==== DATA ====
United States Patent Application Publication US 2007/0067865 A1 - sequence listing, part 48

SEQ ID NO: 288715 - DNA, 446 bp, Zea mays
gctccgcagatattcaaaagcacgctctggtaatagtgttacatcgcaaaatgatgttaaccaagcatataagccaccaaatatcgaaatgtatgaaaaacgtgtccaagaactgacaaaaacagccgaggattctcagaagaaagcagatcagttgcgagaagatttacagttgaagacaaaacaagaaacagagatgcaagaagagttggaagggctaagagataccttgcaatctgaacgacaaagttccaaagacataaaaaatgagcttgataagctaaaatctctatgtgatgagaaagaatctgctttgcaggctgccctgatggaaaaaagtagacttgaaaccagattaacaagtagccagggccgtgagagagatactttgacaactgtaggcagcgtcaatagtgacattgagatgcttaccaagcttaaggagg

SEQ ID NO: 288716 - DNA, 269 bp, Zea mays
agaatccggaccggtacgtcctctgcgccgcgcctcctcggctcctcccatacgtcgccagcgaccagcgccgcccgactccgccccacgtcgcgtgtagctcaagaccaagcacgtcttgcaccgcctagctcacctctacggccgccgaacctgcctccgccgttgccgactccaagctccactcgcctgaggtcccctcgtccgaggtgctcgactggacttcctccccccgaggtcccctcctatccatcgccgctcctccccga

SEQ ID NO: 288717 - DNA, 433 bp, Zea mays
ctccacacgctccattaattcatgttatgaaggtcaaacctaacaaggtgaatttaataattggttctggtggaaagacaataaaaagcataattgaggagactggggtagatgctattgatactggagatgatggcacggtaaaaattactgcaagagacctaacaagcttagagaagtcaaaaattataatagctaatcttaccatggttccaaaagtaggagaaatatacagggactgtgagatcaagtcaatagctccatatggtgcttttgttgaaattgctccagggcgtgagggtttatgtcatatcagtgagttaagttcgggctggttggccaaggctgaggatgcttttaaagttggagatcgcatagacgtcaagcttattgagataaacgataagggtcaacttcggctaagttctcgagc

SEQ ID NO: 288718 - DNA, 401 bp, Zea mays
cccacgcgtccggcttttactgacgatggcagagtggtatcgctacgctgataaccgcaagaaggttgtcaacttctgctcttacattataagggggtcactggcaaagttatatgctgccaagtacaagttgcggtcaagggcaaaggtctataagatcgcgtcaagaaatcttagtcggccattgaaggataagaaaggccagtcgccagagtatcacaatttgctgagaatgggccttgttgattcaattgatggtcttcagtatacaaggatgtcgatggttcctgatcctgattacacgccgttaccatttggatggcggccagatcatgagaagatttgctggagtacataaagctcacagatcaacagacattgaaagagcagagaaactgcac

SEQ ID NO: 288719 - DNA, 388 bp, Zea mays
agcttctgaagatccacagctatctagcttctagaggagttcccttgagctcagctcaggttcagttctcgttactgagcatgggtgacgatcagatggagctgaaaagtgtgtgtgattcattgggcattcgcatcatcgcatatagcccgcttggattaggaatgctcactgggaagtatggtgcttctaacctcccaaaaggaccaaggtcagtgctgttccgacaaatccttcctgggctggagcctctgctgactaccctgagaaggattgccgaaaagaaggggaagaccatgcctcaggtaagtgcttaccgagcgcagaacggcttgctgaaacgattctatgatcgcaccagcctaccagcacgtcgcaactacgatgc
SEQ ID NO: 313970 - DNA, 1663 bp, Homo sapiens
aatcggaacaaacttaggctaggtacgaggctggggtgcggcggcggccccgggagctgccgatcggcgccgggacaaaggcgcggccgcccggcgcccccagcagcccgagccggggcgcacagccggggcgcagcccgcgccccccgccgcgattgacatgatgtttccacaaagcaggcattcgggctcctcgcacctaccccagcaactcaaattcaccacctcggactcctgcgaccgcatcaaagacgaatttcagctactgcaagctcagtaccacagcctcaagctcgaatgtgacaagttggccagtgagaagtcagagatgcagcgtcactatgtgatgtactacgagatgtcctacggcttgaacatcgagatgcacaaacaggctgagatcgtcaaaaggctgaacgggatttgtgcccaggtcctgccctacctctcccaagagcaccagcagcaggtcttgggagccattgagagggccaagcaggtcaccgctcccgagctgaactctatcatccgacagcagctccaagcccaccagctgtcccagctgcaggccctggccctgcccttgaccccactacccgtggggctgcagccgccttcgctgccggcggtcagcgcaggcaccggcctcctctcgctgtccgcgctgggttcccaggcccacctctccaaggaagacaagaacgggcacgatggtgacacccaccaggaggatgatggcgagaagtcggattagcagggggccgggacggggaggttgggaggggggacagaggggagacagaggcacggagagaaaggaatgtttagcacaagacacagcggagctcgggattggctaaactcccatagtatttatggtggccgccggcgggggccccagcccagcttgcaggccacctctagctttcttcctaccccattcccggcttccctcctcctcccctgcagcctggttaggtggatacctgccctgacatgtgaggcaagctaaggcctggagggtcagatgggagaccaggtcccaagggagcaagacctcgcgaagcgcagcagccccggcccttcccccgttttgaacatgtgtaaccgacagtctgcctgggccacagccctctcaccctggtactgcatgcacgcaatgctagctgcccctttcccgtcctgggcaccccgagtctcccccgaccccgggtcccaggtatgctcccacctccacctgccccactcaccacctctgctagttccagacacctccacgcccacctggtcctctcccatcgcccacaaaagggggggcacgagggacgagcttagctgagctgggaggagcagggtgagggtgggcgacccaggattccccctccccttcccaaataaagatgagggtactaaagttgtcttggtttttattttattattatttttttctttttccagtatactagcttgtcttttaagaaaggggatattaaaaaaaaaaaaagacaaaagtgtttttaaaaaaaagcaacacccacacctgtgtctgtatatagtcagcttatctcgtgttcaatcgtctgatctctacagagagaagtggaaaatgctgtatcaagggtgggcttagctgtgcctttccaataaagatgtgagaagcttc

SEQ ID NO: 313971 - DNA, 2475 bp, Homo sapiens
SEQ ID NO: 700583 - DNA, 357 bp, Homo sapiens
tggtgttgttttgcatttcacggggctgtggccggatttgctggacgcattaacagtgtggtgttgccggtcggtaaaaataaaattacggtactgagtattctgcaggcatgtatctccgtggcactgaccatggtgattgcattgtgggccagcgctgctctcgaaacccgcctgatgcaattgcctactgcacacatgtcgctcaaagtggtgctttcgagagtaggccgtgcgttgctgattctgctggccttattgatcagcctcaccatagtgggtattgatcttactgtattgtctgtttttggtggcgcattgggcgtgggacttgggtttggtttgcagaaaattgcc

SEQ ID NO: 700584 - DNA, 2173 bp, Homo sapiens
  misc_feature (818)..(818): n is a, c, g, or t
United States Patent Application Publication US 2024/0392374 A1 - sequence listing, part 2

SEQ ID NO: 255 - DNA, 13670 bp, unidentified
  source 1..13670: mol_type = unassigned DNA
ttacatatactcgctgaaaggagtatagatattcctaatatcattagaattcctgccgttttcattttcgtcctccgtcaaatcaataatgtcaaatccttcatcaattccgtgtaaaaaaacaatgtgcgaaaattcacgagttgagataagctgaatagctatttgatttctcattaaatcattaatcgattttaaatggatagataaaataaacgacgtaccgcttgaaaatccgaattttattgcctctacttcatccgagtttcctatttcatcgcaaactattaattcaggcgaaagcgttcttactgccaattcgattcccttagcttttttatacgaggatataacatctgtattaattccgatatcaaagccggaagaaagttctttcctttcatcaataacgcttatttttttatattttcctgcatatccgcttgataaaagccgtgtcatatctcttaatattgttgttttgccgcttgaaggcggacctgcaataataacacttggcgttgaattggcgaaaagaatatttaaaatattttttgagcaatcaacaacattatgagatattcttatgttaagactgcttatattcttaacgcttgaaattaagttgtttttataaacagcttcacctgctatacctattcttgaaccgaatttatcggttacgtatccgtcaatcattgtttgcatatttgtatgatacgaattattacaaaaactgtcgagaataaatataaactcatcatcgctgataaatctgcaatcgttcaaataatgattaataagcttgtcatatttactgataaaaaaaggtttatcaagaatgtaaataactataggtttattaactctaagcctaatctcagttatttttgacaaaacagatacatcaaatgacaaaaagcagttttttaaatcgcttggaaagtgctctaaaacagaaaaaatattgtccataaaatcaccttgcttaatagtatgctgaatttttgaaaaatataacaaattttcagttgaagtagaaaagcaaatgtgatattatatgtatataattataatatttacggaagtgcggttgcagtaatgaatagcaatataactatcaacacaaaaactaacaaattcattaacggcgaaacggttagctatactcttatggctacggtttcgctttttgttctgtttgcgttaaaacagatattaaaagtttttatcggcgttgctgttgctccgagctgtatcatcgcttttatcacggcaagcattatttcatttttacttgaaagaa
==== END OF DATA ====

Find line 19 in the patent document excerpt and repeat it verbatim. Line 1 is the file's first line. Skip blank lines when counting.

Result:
United States Patent Application Publication US 2024/0392374 A1 - sequence listing, part 2